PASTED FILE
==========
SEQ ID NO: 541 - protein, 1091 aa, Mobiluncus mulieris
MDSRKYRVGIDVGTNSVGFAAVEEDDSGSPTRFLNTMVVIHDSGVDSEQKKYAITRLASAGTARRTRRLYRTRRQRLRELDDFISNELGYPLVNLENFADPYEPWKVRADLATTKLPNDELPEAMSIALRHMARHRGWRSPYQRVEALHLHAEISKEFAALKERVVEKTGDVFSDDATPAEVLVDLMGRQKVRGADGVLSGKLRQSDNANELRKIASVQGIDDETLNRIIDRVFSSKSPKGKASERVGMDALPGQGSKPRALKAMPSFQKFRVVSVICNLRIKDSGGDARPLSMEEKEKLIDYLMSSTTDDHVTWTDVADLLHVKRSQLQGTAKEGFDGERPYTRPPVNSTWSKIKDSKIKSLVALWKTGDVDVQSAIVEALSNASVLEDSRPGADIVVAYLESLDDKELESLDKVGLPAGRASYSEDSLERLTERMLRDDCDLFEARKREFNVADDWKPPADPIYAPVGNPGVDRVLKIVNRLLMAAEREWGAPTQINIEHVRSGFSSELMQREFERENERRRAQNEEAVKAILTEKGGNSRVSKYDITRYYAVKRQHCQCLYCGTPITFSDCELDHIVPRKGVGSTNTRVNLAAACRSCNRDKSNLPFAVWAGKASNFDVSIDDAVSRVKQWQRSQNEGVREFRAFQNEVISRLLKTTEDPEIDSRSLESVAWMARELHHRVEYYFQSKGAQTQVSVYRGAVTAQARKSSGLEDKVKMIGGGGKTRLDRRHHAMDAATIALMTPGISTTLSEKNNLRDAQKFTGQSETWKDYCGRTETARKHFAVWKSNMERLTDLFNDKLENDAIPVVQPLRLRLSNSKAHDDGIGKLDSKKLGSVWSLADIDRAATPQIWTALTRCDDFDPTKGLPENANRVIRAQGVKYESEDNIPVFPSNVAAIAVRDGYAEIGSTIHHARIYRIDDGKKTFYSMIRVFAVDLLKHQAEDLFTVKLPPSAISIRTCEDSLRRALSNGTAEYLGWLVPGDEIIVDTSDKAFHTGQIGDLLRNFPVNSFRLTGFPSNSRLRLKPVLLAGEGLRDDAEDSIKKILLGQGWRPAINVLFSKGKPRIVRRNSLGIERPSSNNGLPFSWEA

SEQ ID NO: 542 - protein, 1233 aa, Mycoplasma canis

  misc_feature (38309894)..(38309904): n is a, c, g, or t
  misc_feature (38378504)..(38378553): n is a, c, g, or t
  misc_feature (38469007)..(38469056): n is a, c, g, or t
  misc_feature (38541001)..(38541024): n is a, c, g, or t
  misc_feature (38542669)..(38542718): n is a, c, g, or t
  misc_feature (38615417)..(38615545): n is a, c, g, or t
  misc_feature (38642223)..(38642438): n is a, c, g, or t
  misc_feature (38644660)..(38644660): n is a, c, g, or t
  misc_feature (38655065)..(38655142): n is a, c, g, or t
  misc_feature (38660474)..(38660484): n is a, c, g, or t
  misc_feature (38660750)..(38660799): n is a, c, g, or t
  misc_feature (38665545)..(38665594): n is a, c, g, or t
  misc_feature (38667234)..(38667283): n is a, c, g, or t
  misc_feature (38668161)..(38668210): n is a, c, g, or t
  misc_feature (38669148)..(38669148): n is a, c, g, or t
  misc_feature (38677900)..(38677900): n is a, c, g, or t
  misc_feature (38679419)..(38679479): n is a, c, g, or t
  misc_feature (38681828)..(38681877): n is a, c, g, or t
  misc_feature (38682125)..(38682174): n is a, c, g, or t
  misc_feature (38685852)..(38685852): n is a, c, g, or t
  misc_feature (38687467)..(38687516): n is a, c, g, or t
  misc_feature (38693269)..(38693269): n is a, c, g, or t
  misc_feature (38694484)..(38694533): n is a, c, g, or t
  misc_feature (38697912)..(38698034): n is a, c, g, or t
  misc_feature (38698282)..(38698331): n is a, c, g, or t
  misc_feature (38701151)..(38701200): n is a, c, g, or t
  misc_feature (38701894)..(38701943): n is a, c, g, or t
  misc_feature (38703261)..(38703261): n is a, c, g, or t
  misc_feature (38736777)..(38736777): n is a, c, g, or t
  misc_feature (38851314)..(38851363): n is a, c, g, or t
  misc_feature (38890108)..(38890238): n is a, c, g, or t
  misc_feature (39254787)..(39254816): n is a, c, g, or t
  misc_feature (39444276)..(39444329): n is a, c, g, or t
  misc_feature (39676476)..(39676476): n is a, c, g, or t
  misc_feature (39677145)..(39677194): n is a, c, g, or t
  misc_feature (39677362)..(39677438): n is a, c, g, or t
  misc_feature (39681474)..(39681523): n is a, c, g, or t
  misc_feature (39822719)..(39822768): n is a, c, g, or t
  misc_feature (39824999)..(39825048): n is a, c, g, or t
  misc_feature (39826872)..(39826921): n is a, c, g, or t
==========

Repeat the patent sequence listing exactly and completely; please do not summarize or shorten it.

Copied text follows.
SEQ ID NO: 541 - protein, 1091 aa, Mobiluncus mulieris
MDSRKYRVGIDVGTNSVGFAAVEEDDSGSPTRFLNTMVVIHDSGVDSEQKKYAITRLASAGTARRTRRLYRTRRQRLRELDDFISNELGYPLVNLENFADPYEPWKVRADLATTKLPNDELPEAMSIALRHMARHRGWRSPYQRVEALHLHAEISKEFAALKERVVEKTGDVFSDDATPAEVLVDLMGRQKVRGADGVLSGKLRQSDNANELRKIASVQGIDDETLNRIIDRVFSSKSPKGKASERVGMDALPGQGSKPRALKAMPSFQKFRVVSVICNLRIKDSGGDARPLSMEEKEKLIDYLMSSTTDDHVTWTDVADLLHVKRSQLQGTAKEGFDGERPYTRPPVNSTWSKIKDSKIKSLVALWKTGDVDVQSAIVEALSNASVLEDSRPGADIVVAYLESLDDKELESLDKVGLPAGRASYSEDSLERLTERMLRDDCDLFEARKREFNVADDWKPPADPIYAPVGNPGVDRVLKIVNRLLMAAEREWGAPTQINIEHVRSGFSSELMQREFERENERRRAQNEEAVKAILTEKGGNSRVSKYDITRYYAVKRQHCQCLYCGTPITFSDCELDHIVPRKGVGSTNTRVNLAAACRSCNRDKSNLPFAVWAGKASNFDVSIDDAVSRVKQWQRSQNEGVREFRAFQNEVISRLLKTTEDPEIDSRSLESVAWMARELHHRVEYYFQSKGAQTQVSVYRGAVTAQARKSSGLEDKVKMIGGGGKTRLDRRHHAMDAATIALMTPGISTTLSEKNNLRDAQKFTGQSETWKDYCGRTETARKHFAVWKSNMERLTDLFNDKLENDAIPVVQPLRLRLSNSKAHDDGIGKLDSKKLGSVWSLADIDRAATPQIWTALTRCDDFDPTKGLPENANRVIRAQGVKYESEDNIPVFPSNVAAIAVRDGYAEIGSTIHHARIYRIDDGKKTFYSMIRVFAVDLLKHQAEDLFTVKLPPSAISIRTCEDSLRRALSNGTAEYLGWLVPGDEIIVDTSDKAFHTGQIGDLLRNFPVNSFRLTGFPSNSRLRLKPVLLAGEGLRDDAEDSIKKILLGQGWRPAINVLFSKGKPRIVRRNSLGIERPSSNNGLPFSWEA

SEQ ID NO: 542 - protein, 1233 aa, Mycoplasma canis

  misc_feature (38309894)..(38309904): n is a, c, g, or t
  misc_feature (38378504)..(38378553): n is a, c, g, or t
  misc_feature (38469007)..(38469056): n is a, c, g, or t
  misc_feature (38541001)..(38541024): n is a, c, g, or t
  misc_feature (38542669)..(38542718): n is a, c, g, or t
  misc_feature (38615417)..(38615545): n is a, c, g, or t
  misc_feature (38642223)..(38642438): n is a, c, g, or t
  misc_feature (38644660)..(38644660): n is a, c, g, or t
  misc_feature (38655065)..(38655142): n is a, c, g, or t
  misc_feature (38660474)..(38660484): n is a, c, g, or t
  misc_feature (38660750)..(38660799): n is a, c, g, or t
  misc_feature (38665545)..(38665594): n is a, c, g, or t
  misc_feature (38667234)..(38667283): n is a, c, g, or t
  misc_feature (38668161)..(38668210): n is a, c, g, or t
  misc_feature (38669148)..(38669148): n is a, c, g, or t
  misc_feature (38677900)..(38677900): n is a, c, g, or t
  misc_feature (38679419)..(38679479): n is a, c, g, or t
  misc_feature (38681828)..(38681877): n is a, c, g, or t
  misc_feature (38682125)..(38682174): n is a, c, g, or t
  misc_feature (38685852)..(38685852): n is a, c, g, or t
  misc_feature (38687467)..(38687516): n is a, c, g, or t
  misc_feature (38693269)..(38693269): n is a, c, g, or t
  misc_feature (38694484)..(38694533): n is a, c, g, or t
  misc_feature (38697912)..(38698034): n is a, c, g, or t
  misc_feature (38698282)..(38698331): n is a, c, g, or t
  misc_feature (38701151)..(38701200): n is a, c, g, or t
  misc_feature (38701894)..(38701943): n is a, c, g, or t
  misc_feature (38703261)..(38703261): n is a, c, g, or t
  misc_feature (38736777)..(38736777): n is a, c, g, or t
  misc_feature (38851314)..(38851363): n is a, c, g, or t
  misc_feature (38890108)..(38890238): n is a, c, g, or t
  misc_feature (39254787)..(39254816): n is a, c, g, or t
  misc_feature (39444276)..(39444329): n is a, c, g, or t
  misc_feature (39676476)..(39676476): n is a, c, g, or t
  misc_feature (39677145)..(39677194): n is a, c, g, or t
  misc_feature (39677362)..(39677438): n is a, c, g, or t
  misc_feature (39681474)..(39681523): n is a, c, g, or t
  misc_feature (39822719)..(39822768): n is a, c, g, or t
  misc_feature (39824999)..(39825048): n is a, c, g, or t
  misc_feature (39826872)..(39826921): n is a, c, g, or t